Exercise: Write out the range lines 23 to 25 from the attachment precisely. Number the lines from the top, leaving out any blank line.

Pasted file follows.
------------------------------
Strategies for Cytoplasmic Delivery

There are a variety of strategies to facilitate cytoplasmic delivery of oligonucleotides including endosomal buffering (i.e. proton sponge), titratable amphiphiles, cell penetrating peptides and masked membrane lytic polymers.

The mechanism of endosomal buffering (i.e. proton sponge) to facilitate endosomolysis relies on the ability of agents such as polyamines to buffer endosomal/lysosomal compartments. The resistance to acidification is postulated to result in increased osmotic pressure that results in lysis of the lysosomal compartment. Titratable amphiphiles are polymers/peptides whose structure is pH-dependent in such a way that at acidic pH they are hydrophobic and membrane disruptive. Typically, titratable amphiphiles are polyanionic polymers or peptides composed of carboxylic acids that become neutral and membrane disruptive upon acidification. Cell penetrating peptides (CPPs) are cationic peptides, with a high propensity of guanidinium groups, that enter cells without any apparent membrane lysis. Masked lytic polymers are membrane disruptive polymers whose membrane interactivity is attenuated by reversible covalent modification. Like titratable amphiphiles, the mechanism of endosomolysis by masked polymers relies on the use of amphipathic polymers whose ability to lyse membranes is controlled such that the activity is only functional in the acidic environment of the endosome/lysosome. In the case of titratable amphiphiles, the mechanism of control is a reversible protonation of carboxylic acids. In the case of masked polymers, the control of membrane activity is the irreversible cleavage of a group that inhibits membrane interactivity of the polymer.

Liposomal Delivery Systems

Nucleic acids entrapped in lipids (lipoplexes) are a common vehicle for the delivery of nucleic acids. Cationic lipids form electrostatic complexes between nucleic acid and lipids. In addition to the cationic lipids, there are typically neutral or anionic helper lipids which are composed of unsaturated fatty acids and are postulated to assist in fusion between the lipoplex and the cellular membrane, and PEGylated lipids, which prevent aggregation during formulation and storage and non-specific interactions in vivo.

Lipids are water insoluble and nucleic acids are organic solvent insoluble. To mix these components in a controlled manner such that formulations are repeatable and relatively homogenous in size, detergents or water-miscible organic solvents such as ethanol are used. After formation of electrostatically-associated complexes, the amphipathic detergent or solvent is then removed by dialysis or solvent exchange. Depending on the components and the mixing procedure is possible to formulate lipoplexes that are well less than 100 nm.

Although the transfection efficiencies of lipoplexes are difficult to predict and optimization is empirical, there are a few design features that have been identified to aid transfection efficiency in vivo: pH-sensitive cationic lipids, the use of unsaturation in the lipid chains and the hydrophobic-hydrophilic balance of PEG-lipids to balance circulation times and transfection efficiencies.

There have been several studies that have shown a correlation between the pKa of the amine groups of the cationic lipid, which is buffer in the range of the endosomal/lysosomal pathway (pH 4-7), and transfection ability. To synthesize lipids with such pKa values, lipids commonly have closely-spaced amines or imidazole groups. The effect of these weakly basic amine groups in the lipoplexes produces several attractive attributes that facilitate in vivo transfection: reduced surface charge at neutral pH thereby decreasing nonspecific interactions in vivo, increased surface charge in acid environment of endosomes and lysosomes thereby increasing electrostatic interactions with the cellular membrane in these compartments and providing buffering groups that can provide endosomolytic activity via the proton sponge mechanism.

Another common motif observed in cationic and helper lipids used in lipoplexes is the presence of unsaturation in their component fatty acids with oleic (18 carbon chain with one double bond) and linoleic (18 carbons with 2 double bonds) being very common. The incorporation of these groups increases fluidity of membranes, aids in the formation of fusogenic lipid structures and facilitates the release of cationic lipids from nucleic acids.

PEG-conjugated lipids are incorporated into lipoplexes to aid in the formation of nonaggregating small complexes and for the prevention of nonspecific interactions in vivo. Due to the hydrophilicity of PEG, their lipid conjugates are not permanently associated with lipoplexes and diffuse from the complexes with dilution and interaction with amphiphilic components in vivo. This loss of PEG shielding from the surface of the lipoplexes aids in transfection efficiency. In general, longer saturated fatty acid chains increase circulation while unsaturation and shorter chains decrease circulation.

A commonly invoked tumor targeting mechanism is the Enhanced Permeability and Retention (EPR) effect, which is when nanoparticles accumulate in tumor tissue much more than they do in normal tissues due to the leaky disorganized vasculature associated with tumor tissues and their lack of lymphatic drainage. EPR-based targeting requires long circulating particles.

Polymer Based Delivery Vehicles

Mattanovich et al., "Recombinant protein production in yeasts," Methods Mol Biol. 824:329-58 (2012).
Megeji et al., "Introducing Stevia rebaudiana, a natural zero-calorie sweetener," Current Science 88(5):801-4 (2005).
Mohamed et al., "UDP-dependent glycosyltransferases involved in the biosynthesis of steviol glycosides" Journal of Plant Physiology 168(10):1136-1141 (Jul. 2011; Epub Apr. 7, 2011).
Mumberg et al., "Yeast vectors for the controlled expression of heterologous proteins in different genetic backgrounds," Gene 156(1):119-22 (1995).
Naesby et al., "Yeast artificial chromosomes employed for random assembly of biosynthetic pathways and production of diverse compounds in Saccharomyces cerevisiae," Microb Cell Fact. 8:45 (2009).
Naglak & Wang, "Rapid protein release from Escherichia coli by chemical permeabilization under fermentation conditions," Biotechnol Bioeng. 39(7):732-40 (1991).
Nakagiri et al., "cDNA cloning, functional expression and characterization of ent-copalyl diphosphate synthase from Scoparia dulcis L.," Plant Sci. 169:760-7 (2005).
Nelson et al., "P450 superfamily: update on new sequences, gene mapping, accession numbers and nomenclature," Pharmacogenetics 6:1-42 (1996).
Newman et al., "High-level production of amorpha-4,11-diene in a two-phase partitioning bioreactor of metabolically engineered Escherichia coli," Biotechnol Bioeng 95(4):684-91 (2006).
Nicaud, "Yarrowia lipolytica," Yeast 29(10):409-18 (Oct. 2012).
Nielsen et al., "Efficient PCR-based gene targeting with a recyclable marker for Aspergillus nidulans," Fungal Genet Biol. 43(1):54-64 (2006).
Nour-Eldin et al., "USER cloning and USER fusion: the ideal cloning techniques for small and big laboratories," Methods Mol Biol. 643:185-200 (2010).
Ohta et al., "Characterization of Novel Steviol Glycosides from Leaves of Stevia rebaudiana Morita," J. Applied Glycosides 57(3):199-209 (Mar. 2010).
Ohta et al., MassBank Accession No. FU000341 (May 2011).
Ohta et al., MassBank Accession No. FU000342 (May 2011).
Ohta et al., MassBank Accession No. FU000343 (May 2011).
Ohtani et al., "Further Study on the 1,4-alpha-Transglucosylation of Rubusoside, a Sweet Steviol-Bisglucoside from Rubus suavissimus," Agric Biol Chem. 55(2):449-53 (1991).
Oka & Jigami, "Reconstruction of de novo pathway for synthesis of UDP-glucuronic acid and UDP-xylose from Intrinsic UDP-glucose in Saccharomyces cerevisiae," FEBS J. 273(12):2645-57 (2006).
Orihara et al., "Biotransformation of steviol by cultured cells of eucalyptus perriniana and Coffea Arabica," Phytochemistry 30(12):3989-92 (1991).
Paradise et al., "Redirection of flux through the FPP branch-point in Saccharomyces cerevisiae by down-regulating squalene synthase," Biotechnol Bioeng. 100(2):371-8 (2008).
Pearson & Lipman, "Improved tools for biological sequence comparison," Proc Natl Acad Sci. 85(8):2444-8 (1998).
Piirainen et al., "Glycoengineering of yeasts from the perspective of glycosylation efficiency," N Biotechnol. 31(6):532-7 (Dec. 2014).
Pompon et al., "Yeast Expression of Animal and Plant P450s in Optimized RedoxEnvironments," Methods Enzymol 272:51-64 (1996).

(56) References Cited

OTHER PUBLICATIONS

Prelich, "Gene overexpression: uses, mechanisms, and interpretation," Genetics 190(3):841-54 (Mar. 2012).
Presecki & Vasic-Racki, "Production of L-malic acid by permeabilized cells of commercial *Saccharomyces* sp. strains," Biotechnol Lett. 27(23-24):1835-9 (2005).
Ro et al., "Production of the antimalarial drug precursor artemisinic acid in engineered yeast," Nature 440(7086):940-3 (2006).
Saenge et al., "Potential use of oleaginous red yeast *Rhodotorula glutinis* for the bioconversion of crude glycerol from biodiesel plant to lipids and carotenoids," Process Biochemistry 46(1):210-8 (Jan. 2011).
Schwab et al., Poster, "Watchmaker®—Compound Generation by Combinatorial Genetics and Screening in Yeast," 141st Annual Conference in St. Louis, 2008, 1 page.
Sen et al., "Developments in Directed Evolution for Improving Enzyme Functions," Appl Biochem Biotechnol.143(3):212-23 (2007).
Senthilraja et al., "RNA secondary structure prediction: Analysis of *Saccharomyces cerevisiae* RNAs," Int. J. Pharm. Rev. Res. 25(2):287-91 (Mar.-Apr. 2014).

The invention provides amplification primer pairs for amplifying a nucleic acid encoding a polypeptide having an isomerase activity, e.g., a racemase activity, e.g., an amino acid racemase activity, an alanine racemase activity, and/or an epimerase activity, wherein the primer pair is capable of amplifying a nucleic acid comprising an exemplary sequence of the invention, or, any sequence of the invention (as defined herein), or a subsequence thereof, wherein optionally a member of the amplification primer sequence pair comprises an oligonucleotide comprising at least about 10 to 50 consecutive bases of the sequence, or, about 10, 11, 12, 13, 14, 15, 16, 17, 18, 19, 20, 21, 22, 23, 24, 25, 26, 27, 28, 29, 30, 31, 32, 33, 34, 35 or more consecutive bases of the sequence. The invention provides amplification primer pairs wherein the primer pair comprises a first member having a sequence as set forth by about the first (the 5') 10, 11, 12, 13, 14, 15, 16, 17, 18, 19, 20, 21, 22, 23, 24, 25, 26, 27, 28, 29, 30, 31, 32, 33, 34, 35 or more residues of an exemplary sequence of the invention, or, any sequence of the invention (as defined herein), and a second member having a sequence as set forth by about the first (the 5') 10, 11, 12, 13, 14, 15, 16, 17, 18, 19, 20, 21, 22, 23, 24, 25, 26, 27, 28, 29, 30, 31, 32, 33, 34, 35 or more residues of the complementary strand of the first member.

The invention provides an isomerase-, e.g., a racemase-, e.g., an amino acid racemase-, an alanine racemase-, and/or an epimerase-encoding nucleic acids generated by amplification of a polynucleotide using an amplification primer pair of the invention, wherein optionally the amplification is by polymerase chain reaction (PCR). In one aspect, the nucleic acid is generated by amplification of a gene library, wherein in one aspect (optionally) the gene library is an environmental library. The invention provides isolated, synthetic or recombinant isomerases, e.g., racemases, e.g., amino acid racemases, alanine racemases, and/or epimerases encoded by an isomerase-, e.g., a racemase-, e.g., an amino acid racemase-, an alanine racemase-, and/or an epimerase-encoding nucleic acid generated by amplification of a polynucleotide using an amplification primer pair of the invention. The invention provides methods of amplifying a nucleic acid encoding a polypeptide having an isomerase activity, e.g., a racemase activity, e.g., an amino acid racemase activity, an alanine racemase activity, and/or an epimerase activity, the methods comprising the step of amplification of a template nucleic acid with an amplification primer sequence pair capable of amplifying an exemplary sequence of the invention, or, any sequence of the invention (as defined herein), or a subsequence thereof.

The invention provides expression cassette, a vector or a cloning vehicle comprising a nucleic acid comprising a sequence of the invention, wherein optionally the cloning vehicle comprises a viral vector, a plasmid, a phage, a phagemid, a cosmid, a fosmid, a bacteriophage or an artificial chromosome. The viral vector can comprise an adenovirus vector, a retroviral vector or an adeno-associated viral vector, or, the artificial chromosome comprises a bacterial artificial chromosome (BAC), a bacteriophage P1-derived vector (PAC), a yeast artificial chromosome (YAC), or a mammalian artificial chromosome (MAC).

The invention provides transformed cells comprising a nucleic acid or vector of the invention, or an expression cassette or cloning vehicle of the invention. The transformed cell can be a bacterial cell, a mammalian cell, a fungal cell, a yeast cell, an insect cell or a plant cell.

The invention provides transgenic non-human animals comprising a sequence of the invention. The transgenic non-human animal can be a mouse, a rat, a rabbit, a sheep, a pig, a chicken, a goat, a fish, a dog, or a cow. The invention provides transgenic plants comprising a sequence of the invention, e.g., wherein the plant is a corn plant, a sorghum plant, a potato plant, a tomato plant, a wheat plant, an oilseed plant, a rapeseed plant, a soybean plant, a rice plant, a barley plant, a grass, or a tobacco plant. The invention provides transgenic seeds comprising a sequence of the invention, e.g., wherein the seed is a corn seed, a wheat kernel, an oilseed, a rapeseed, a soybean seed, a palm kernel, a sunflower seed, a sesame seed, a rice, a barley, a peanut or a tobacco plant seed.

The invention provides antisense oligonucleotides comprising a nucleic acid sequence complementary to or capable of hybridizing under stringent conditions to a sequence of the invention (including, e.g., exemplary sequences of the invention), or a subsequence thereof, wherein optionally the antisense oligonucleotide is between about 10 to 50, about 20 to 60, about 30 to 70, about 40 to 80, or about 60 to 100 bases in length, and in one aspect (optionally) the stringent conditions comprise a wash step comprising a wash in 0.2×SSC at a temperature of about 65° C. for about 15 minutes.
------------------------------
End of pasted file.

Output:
Nielsen et al., "Efficient PCR-based gene targeting with a recyclable marker for Aspergillus nidulans," Fungal Genet Biol. 43(1):54-64 (2006).
Nour-Eldin et al., "USER cloning and USER fusion: the ideal cloning techniques for small and big laboratories," Methods Mol Biol. 643:185-200 (2010).
Ohta et al., "Characterization of Novel Steviol Glycosides from Leaves of Stevia rebaudiana Morita," J. Applied Glycosides 57(3):199-209 (Mar. 2010).